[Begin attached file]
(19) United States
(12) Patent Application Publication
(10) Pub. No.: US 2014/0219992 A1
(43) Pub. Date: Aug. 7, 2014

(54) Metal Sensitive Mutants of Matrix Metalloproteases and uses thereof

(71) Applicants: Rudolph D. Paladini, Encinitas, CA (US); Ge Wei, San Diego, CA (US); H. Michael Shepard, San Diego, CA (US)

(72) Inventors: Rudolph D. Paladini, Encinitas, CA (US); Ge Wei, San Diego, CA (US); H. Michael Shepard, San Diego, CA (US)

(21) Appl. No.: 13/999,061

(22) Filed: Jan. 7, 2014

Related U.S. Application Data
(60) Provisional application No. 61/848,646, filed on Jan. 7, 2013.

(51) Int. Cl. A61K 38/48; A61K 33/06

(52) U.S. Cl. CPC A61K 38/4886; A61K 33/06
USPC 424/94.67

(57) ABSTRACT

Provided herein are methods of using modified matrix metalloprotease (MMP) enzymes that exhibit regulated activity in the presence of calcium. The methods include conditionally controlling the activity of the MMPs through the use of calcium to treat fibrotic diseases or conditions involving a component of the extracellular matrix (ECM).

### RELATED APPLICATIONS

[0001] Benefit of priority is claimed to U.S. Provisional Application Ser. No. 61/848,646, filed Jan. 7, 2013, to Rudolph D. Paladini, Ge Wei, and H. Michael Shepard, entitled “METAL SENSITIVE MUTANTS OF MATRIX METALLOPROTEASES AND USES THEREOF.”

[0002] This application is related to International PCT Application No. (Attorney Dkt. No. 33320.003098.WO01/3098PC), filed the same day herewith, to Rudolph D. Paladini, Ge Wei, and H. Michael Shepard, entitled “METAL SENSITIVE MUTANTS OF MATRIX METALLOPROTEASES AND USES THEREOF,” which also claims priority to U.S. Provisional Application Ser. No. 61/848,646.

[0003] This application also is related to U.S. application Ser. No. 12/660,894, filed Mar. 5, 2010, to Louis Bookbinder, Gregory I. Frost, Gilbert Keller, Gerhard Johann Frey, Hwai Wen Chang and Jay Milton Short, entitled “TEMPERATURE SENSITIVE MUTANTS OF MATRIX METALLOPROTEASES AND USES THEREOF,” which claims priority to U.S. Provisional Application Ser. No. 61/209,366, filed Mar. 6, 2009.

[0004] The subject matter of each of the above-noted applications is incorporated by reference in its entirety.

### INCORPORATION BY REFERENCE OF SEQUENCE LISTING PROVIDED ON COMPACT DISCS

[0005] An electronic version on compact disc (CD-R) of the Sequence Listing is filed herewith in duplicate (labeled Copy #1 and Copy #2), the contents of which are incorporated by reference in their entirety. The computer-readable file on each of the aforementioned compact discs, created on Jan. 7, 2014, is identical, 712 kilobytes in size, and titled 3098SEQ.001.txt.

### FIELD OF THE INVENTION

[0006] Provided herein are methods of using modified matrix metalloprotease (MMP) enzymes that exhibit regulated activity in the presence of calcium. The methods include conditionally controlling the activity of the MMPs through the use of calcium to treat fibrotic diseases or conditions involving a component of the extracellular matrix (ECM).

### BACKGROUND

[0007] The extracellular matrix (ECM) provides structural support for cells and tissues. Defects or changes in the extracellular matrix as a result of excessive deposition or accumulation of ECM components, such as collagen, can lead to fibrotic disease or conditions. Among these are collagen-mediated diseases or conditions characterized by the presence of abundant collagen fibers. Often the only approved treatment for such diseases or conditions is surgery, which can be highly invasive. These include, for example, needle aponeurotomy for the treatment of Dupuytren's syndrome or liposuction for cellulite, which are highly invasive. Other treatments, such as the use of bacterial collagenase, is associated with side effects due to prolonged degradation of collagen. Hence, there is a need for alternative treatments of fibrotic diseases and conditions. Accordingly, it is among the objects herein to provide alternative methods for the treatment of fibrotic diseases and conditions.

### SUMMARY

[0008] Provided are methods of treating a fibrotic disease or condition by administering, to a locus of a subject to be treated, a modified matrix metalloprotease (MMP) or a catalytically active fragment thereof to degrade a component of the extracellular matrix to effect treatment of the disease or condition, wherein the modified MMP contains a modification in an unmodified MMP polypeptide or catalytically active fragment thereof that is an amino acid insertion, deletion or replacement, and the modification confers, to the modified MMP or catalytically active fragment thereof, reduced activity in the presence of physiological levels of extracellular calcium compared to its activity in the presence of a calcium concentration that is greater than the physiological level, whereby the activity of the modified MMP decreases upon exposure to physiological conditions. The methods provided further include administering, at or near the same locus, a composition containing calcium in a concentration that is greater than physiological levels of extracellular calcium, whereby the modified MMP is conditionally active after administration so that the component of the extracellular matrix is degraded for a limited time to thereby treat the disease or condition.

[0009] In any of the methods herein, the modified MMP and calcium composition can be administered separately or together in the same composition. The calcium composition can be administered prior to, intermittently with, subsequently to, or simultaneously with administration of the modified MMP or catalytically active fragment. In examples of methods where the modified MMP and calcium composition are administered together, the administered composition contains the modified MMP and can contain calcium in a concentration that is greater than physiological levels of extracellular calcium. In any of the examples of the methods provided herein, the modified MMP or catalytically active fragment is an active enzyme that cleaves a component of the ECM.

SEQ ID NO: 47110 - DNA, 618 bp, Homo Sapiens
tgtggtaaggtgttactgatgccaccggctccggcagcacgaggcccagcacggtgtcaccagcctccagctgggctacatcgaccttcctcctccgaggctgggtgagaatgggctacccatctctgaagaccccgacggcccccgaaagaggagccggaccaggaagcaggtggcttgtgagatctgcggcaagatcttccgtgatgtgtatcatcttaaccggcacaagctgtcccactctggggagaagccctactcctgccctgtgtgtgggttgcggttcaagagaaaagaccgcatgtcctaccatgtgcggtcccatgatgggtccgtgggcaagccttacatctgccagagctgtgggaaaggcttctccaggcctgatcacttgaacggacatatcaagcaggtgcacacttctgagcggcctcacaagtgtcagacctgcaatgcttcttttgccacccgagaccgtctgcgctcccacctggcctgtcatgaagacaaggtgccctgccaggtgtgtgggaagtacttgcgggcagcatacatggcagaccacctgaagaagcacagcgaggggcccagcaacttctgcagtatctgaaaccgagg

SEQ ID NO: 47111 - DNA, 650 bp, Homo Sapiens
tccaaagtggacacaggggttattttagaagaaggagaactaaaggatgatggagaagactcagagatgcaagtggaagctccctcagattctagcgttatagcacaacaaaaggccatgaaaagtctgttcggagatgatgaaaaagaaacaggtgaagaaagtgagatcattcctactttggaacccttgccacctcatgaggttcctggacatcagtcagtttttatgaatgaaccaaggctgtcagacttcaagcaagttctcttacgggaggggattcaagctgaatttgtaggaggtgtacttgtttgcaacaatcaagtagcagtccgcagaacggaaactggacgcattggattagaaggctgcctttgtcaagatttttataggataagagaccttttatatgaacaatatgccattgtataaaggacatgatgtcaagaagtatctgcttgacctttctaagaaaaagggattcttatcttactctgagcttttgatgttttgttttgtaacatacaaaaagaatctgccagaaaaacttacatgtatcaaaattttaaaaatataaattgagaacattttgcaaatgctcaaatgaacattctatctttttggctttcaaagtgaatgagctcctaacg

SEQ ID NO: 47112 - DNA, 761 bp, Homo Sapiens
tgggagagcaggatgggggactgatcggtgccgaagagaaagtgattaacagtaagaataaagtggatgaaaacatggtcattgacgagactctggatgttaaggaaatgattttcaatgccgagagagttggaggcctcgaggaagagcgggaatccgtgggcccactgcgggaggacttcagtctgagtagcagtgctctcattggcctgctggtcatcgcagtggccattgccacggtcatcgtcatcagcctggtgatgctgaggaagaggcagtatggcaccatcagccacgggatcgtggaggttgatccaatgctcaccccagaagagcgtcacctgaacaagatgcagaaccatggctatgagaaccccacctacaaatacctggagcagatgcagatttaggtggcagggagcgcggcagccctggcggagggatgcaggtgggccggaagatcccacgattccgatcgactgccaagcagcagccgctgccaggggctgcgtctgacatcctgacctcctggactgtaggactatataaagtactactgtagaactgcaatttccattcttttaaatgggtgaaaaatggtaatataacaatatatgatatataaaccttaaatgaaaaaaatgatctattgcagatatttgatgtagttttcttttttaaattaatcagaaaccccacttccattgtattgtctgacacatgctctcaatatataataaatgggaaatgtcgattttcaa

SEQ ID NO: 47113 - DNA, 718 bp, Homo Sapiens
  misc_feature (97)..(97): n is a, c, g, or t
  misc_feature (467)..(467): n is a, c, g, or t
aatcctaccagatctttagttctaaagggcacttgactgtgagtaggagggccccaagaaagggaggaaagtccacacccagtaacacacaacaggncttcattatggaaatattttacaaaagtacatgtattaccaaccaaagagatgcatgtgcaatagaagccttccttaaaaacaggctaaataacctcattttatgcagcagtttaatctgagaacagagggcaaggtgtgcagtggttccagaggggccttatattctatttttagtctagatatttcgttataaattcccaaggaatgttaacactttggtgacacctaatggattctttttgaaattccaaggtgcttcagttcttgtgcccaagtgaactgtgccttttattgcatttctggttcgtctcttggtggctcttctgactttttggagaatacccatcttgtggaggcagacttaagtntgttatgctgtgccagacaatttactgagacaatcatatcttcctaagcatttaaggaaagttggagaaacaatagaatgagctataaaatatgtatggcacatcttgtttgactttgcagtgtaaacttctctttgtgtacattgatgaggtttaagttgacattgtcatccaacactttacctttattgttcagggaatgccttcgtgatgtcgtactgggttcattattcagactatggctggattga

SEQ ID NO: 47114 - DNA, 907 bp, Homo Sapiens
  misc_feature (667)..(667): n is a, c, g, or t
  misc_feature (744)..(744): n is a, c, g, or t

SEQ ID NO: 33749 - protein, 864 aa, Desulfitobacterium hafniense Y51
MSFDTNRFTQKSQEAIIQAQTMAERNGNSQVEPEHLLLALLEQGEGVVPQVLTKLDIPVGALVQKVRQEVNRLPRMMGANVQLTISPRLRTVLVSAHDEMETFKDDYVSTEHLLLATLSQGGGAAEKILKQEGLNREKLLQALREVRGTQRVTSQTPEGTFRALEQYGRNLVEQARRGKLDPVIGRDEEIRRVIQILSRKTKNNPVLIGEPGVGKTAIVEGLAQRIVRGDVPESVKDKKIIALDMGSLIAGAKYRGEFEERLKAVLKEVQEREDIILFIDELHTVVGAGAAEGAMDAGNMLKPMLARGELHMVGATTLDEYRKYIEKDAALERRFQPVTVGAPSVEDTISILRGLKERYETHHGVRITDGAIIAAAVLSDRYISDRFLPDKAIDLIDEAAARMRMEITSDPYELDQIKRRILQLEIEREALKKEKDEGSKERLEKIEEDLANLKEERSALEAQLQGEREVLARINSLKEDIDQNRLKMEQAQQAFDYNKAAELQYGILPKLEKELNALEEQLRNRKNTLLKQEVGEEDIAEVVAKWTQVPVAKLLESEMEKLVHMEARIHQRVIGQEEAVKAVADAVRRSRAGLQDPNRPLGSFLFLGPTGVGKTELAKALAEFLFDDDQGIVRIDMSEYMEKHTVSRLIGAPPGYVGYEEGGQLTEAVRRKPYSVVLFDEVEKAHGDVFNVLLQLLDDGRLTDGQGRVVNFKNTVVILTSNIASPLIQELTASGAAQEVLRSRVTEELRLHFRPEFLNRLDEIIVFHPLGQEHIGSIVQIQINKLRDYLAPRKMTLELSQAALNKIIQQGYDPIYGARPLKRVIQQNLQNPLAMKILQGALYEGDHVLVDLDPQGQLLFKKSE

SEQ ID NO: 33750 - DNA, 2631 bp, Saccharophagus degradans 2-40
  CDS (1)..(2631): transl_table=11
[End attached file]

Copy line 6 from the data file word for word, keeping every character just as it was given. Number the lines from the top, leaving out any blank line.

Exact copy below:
(71) Applicants: Rudolph D. Paladini, Encinitas, CA (US); Ge Wei, San Diego, CA (US); H. Michael Shepard, San Diego, CA (US)